Top 5 Things to do in Malaga

Malaga is a great place to visit which offers a unique landscape with the sea on one side, mountains on the other, and river valleys flowing through the surrounding countryside. With many more flights to Malaga opening each year, there’s really no excuse not to visit this beautiful region of Spain, the second most important city in Andalucia.

The History

They have found prehistoric evidence of human habitation in the surrounding areas of Malaga, such as cave paintings and standing stones. But the city we see today was founded by the Phoenicans, and then ruled by the Romans, Visigoths and Moors. There’s a fascinating combination of eastern and western influences in the cultural history of this part of Spain.

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Here are my top 5 things to do when in Malaga;

1) Beaches

There are some great beaches, which are ideal for kicking back with a novel, sunbathing, water sports, and some of the best seafood in all of Spain. Many of them are Blue Flag beaches, meaning they have reached specific, rigorous standards; Fuengirola near Malaga boasts the biggest collection of recommended beaches to visit: Torreblanca, San Francisco and Carvajal, to name just three.

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2) Museums

Picasso was born in Malaga, and there’s a museum in the city to showcase his work, along with a museum at his place of birth to celebrate his life story. Malaga also has some other excellent art museums, such as the Thyssen Museum, Contemporary Art Museum, and, if you’re looking for something a little quirkier the Museum House of Dolls.

3) Malaga’s Surrounding Areas

The surrounding area of Malaga is famous for its white towns and villages; little collections of white dwellings often balanced on the sides of picturesque looking hills. There are a lot of quaint winding streets and crumbling buildings to explore along the Andalucian coastline, so it’s worth renting a car and putting in the miles, to truly experience the beauty that the surrounding countryside has to offer.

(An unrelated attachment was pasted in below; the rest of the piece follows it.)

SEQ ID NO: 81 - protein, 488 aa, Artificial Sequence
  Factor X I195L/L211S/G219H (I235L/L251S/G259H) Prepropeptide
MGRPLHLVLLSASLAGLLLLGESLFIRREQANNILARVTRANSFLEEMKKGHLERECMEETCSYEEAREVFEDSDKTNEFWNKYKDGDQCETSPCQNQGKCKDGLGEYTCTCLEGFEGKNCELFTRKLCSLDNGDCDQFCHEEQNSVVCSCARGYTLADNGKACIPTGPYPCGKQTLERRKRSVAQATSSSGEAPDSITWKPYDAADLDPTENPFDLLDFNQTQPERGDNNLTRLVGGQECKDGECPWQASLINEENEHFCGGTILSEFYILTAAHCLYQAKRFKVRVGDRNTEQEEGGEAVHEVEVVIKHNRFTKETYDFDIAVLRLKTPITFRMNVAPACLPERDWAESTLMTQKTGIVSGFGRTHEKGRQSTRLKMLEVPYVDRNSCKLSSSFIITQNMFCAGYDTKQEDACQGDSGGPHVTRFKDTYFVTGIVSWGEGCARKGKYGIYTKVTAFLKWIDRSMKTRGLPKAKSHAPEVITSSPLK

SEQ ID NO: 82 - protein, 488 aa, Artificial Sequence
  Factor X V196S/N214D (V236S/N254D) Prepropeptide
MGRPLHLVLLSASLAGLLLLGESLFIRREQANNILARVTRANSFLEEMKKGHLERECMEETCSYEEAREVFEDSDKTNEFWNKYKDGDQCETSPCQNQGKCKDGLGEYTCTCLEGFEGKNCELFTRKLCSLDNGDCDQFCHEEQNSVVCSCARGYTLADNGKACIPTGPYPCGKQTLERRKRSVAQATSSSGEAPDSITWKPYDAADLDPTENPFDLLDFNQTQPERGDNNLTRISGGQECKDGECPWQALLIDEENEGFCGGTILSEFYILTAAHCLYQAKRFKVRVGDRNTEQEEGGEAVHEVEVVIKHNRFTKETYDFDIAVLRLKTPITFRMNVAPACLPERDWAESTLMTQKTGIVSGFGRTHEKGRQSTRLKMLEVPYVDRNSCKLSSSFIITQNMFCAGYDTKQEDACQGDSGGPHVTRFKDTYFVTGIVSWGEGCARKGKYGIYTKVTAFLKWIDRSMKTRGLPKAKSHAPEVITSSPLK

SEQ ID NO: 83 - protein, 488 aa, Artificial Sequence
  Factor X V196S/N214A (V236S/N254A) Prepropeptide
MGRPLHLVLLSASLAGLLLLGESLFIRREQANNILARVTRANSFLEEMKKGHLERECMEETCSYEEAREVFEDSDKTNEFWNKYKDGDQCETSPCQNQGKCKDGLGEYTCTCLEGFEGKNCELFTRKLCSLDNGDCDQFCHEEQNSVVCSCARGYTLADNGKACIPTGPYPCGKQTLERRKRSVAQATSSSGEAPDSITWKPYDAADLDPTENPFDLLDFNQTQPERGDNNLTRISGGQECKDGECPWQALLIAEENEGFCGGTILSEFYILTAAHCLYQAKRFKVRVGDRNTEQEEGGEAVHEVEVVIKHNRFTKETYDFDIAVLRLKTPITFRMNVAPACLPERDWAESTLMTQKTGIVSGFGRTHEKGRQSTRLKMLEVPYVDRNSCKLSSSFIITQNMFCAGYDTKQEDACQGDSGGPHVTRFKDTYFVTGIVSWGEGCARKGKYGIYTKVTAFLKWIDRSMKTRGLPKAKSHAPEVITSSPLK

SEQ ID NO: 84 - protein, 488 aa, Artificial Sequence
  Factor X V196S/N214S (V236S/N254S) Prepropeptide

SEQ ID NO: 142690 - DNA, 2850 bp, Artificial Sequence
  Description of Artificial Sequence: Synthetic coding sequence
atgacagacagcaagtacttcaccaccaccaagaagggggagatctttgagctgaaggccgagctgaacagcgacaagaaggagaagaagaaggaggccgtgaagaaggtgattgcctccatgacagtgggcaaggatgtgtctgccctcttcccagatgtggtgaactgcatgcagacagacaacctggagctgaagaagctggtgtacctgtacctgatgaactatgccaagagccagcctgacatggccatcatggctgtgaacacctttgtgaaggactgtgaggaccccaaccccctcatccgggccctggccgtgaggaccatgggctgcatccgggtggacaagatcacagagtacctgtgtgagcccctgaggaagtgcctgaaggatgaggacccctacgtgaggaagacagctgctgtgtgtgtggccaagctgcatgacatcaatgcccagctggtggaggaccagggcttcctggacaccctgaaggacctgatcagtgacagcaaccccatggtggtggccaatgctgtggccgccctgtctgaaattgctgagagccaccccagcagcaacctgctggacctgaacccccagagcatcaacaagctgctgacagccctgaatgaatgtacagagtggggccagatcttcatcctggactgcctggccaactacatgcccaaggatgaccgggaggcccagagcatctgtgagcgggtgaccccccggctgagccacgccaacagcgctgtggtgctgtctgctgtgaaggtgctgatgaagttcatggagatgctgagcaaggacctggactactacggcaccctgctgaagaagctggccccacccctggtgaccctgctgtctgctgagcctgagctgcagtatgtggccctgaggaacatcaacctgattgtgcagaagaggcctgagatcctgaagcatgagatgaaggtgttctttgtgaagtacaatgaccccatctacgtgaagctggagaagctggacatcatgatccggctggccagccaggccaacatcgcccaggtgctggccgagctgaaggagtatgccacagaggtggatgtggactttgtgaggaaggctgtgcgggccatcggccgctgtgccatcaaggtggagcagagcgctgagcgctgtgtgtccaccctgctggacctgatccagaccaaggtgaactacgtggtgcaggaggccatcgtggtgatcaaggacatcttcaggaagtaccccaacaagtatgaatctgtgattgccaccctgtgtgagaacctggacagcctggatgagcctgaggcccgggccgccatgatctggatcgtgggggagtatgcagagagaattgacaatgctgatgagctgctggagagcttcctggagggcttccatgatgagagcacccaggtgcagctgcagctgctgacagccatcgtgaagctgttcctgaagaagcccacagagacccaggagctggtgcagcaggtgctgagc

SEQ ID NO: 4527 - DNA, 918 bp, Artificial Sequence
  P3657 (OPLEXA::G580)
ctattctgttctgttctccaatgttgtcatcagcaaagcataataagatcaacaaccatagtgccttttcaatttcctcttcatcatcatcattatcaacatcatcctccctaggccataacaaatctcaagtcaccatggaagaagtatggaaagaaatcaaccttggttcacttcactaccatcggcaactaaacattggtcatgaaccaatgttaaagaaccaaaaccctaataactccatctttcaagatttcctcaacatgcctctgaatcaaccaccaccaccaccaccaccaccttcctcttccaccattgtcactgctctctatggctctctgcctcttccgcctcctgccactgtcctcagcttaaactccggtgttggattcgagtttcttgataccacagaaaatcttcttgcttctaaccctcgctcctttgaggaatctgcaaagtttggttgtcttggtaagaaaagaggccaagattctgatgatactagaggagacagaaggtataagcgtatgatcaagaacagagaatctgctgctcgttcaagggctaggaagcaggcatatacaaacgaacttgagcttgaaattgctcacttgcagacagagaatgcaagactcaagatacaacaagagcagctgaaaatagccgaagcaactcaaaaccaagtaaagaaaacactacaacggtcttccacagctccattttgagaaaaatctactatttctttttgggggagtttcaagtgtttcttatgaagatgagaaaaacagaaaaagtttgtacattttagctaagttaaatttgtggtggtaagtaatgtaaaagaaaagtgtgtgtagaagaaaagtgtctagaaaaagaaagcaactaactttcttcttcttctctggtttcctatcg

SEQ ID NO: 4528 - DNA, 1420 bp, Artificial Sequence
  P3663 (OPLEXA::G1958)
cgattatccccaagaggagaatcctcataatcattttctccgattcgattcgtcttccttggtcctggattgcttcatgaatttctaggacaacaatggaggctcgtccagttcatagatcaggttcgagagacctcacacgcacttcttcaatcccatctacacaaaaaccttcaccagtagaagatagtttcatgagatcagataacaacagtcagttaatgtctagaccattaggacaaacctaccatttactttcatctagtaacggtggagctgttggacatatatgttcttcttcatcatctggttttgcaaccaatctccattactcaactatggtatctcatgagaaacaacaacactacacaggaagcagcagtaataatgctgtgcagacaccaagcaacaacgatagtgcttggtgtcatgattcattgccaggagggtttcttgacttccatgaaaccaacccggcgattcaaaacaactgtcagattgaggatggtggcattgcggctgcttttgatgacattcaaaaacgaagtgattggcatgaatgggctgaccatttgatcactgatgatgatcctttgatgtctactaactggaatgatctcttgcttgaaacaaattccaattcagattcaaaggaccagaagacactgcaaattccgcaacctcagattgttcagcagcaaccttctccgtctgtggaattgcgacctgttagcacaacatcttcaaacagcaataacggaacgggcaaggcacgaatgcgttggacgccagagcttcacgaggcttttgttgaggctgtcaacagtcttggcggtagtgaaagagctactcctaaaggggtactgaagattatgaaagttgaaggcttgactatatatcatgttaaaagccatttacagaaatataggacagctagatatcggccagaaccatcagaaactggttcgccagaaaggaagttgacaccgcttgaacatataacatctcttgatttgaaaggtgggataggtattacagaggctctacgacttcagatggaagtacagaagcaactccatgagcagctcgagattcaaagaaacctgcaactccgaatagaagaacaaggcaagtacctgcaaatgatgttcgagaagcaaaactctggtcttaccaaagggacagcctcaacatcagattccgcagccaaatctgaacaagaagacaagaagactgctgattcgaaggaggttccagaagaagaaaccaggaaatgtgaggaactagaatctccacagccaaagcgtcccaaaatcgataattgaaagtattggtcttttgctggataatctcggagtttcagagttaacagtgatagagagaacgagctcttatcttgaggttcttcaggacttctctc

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4) Ancient Buildings

For true history buffs, Malaga will keep you intrigued with its historic architecture; there’s the 14th century Gibralfaro castle, with beautiful hilltop views of the city to explore. Also make time to visit the Roman Theatre, built by Emperor Augustus and left undiscovered until 1951, meaning it has been well preserved.

5) Conception Botanical Garden

This beautiful botanical garden is a wonderful way to step away from the city while remaining firmly in it. It’s tranquil and lush, with a huge variety of plants and wildlife. Admission is cheap, and there’s a tropical and subtropical garden – offering some of the most interesting plants in Europe.

Malaga is an amazing Spanish city, often overshadowed by Madrid and Barcelona, but definitely worth a visit in its own right. When you’re tired and you want to rest your aching feet, stop by a bar or a cafe and get chatting to the locals: there’s a wonderful cafe culture here which will have you making new friends in no time!


Images by Leo Hidalgo, Martin Haisch and Bogdan Migulski used under creative commons license.

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